WARR baseball writer Kevin Luchansky writes about the Cubs and the White Sox each week
Also, check out Kevin’s daily baseball betting picks on NorthSideWire.
The Chicago White Sox relied on their recently potent offense and Chris Sale dominance to rattle off three straight wins against division rival Twins to start the weekend and they look to keep it going today with rookie Scott Carol on the bump in the series finale in Minneapolis.
These recent wins have created some separation from the Twins in the standings and now, at 51-54, the Sox are just a half-game behind the Indians, and more importantly, four games out of an American League Wild Card spot.
Aside from Sale, no player has been a bigger producer in the Sox’s recent win streak than rookie slugger Jose Abreu. During his current 16-game hitting streak, Abreu is hitting .348 with 10 extra base hits and three home runs. The home runs placed Abreu in sole possession of the MLB lead with 30 and at roughly 65 percent of the way through the season, he has already totaled 3.3 Wins Above Replacement.
Everything Old, New Again
As I watched the Hall of Fame induction ceremony this morning, filled with Frank Thomas highlights, I couldn’t help but think Chicago might be entering a golden age for sluggers. Leading their respective divisions in home runs with 30 and 25 respectively, Abreu and the Cubs’ Anthony Rizzo have put Chicago baseball back in the limelight, even in a season in which both teams are under.500.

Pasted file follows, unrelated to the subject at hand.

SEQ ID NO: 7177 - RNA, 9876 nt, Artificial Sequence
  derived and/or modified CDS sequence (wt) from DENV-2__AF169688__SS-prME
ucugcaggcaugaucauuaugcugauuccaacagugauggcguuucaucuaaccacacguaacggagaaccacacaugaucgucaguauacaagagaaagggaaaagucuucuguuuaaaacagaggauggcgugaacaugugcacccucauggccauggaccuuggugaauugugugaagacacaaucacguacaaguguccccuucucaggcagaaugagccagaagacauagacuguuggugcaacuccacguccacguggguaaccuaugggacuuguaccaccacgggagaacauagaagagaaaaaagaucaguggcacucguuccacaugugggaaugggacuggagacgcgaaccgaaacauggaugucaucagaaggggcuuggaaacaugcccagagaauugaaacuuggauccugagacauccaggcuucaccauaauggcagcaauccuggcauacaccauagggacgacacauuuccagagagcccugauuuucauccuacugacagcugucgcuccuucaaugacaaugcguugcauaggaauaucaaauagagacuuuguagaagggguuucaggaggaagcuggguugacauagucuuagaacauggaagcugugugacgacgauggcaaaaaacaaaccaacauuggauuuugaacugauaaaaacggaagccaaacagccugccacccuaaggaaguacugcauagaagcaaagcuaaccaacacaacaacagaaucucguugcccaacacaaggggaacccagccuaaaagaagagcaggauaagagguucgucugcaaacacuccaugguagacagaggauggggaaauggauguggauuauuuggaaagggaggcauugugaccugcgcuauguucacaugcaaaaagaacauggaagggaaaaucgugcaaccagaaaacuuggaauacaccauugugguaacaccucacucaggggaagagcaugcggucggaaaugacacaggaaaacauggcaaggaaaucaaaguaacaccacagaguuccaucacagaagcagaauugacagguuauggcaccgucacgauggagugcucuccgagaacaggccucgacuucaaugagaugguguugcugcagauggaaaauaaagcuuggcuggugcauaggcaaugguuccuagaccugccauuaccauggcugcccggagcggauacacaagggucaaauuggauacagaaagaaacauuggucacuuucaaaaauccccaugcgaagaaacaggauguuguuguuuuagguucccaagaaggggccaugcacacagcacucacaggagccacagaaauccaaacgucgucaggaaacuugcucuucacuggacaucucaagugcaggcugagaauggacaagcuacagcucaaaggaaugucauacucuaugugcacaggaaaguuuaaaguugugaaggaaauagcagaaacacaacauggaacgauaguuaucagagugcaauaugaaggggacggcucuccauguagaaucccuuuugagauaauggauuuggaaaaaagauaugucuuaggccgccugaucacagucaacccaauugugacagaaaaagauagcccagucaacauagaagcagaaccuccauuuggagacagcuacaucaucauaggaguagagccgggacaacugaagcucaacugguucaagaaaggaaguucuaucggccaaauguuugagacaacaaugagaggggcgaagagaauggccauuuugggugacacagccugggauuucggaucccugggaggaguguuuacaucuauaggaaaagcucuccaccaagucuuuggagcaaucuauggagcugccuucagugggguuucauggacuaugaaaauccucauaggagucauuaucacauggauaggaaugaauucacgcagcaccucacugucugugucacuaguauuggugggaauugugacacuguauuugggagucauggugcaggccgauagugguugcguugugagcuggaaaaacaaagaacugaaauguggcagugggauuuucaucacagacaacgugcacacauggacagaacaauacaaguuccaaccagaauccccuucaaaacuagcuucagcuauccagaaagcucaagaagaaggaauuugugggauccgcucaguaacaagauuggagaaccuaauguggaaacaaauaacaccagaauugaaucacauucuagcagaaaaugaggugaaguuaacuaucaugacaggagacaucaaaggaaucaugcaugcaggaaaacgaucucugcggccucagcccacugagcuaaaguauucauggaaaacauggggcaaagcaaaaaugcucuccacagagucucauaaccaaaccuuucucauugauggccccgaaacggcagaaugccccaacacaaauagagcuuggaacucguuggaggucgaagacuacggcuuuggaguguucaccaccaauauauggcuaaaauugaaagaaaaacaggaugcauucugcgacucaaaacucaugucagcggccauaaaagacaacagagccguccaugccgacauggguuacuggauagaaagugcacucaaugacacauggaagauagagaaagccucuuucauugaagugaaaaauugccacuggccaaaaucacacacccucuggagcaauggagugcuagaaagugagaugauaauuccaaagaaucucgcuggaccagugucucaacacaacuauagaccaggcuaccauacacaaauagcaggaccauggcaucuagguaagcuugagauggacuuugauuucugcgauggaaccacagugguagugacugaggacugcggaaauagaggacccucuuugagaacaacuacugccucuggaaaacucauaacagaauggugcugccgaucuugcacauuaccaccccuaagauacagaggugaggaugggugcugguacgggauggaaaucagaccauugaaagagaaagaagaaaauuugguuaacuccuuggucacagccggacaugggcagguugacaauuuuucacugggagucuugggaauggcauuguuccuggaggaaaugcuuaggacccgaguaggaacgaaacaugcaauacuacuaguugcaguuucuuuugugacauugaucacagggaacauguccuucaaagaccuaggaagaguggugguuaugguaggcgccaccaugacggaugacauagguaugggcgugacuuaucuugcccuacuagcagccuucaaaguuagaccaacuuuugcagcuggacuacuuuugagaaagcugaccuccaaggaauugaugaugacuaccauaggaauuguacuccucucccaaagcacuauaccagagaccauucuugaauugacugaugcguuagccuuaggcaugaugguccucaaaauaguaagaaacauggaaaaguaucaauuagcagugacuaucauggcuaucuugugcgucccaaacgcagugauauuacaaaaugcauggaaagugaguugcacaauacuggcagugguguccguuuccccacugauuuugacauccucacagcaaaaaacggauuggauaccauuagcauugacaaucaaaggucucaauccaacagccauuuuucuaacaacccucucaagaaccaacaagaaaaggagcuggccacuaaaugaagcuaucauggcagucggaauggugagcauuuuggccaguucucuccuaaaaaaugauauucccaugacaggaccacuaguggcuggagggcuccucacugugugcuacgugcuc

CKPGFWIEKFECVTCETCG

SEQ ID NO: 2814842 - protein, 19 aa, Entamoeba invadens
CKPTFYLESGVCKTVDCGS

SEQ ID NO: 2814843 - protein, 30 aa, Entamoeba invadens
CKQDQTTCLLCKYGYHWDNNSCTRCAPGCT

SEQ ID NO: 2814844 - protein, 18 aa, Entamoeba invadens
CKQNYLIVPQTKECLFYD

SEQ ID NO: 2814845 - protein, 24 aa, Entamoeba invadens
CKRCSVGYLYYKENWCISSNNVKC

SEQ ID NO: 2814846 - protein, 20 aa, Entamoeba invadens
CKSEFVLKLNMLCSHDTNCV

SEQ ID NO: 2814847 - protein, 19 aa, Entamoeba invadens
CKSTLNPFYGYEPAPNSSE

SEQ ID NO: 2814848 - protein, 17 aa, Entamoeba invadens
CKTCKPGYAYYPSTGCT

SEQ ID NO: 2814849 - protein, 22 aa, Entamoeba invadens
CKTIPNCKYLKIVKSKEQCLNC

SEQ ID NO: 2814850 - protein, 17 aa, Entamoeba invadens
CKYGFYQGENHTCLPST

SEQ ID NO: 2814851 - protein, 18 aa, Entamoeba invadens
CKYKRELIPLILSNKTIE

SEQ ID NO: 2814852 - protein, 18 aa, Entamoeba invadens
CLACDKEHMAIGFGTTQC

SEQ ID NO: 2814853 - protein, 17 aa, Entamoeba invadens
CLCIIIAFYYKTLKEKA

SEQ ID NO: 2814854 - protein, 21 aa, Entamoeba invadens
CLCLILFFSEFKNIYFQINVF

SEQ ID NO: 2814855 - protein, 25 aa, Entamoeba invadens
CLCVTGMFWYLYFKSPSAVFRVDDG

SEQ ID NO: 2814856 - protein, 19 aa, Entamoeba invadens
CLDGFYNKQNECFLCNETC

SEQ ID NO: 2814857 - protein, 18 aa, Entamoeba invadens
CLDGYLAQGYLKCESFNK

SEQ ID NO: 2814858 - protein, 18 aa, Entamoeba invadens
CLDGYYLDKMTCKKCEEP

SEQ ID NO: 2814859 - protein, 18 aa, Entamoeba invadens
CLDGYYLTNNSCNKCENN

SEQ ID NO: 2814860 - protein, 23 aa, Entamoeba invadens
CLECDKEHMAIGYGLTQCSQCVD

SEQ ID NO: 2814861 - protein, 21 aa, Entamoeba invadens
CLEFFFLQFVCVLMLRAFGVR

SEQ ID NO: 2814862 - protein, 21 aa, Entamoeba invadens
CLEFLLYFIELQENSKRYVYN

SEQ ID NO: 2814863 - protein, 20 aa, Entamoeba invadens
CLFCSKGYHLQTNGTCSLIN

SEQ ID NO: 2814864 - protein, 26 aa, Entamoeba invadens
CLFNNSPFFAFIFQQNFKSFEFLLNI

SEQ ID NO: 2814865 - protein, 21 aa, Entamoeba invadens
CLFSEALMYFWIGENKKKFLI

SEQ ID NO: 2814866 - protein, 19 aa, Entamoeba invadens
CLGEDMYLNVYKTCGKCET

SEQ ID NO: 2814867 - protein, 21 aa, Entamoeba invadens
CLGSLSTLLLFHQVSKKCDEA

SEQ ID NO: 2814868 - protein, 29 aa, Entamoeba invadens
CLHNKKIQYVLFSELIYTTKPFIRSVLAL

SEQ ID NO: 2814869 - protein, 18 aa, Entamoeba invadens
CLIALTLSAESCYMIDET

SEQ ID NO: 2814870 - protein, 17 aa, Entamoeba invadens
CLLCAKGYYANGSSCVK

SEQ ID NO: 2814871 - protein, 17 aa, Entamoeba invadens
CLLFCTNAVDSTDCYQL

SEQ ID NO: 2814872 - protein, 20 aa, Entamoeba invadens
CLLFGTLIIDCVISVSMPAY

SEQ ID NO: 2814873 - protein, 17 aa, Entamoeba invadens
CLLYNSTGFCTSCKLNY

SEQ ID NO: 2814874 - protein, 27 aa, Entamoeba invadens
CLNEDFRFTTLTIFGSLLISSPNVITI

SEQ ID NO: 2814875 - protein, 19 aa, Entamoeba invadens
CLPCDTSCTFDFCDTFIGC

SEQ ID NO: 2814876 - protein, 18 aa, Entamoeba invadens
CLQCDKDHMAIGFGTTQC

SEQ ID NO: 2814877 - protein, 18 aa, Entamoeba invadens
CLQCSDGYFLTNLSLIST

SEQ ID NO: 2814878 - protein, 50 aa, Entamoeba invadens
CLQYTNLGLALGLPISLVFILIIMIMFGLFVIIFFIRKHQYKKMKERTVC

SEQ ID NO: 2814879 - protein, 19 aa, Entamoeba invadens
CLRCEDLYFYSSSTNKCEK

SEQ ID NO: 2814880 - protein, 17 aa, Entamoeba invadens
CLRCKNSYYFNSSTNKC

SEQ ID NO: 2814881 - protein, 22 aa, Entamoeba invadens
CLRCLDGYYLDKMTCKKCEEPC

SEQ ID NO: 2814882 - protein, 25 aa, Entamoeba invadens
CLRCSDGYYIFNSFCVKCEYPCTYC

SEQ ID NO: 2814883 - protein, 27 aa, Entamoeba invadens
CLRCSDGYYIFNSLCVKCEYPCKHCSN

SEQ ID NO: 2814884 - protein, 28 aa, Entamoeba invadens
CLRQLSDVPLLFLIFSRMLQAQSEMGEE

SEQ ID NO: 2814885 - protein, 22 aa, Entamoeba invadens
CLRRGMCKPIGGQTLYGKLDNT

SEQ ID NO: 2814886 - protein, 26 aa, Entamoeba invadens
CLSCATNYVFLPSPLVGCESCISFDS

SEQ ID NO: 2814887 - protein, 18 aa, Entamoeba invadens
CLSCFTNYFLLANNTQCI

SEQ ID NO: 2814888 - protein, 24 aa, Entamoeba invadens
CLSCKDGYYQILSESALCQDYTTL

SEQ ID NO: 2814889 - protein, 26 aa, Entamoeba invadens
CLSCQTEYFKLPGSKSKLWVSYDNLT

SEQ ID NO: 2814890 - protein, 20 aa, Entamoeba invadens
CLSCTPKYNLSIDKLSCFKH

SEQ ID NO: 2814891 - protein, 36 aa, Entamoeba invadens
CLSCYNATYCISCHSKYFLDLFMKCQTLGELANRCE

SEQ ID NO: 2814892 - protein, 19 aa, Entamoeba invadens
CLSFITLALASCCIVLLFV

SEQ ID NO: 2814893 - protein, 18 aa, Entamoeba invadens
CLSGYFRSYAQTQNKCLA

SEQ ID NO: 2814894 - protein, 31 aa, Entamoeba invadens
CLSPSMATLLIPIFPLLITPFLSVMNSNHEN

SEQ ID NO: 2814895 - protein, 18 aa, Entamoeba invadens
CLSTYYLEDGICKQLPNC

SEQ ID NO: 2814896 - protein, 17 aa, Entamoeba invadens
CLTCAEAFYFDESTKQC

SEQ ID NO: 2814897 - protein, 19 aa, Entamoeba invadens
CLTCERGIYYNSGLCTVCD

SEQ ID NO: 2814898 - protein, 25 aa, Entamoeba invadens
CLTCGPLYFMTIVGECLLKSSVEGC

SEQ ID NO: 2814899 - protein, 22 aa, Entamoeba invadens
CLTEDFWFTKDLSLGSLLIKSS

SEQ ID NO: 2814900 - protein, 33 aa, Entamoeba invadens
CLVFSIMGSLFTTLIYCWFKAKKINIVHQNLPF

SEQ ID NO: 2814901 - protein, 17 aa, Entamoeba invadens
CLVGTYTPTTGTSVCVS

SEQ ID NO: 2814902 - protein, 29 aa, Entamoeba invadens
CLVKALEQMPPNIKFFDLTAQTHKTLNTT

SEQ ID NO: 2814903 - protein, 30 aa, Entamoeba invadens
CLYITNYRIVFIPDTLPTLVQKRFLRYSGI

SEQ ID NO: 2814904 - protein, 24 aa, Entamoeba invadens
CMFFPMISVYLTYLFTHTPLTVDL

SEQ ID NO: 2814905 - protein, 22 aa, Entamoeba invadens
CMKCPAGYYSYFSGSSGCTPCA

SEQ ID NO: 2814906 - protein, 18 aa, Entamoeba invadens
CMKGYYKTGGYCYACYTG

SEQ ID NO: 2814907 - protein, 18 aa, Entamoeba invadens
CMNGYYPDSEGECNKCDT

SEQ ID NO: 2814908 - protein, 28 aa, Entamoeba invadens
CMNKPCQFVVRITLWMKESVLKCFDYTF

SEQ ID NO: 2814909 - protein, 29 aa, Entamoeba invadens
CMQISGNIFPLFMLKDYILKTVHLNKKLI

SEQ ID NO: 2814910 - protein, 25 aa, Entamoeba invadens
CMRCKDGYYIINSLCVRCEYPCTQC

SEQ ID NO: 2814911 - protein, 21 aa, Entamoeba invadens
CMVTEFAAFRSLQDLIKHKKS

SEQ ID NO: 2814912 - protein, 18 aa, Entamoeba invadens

A look into Abreu’s splits reveals a little more as to how he’s already totaled some of those impressive numbers. For starters, Abreu loves hitting to the opposite field, as highlighted by his .413 batting average in that category.
Abreu also provides almost the entirety of his power when facing right-handed pitching, with 23 of his 30 home runs and 19 of his 24 doubles resulting from at-bats against righties.
Interestingly, Abreu hits for a better average at home (.301) as compared to the road (.284), but 19 of his 30 home runs have been hit away from US Cellular Field, which is generally considered one of the more home run friendly stadiums across Major League Baseball.
It’s premature to think Abreu could put together a career like the Big Hurt, but as a kid who grew up in the ’90s, I can’t help but think of them both when I hear something along the lines of “sweet swinging, home run-hitting first basemen.”
The highlight clips from Cooperstown also reminded me how, as fans, we need to enjoy Abreu’s chase for the home run title, as players and chases like these don’t come around too often. The White Sox haven’t had a home run champion since Dick Allen in 1972. Thomas was often in the chase, but never won it, with his closest finish a second place one in 1994 as Ken Griffey, Jr. took the crown.
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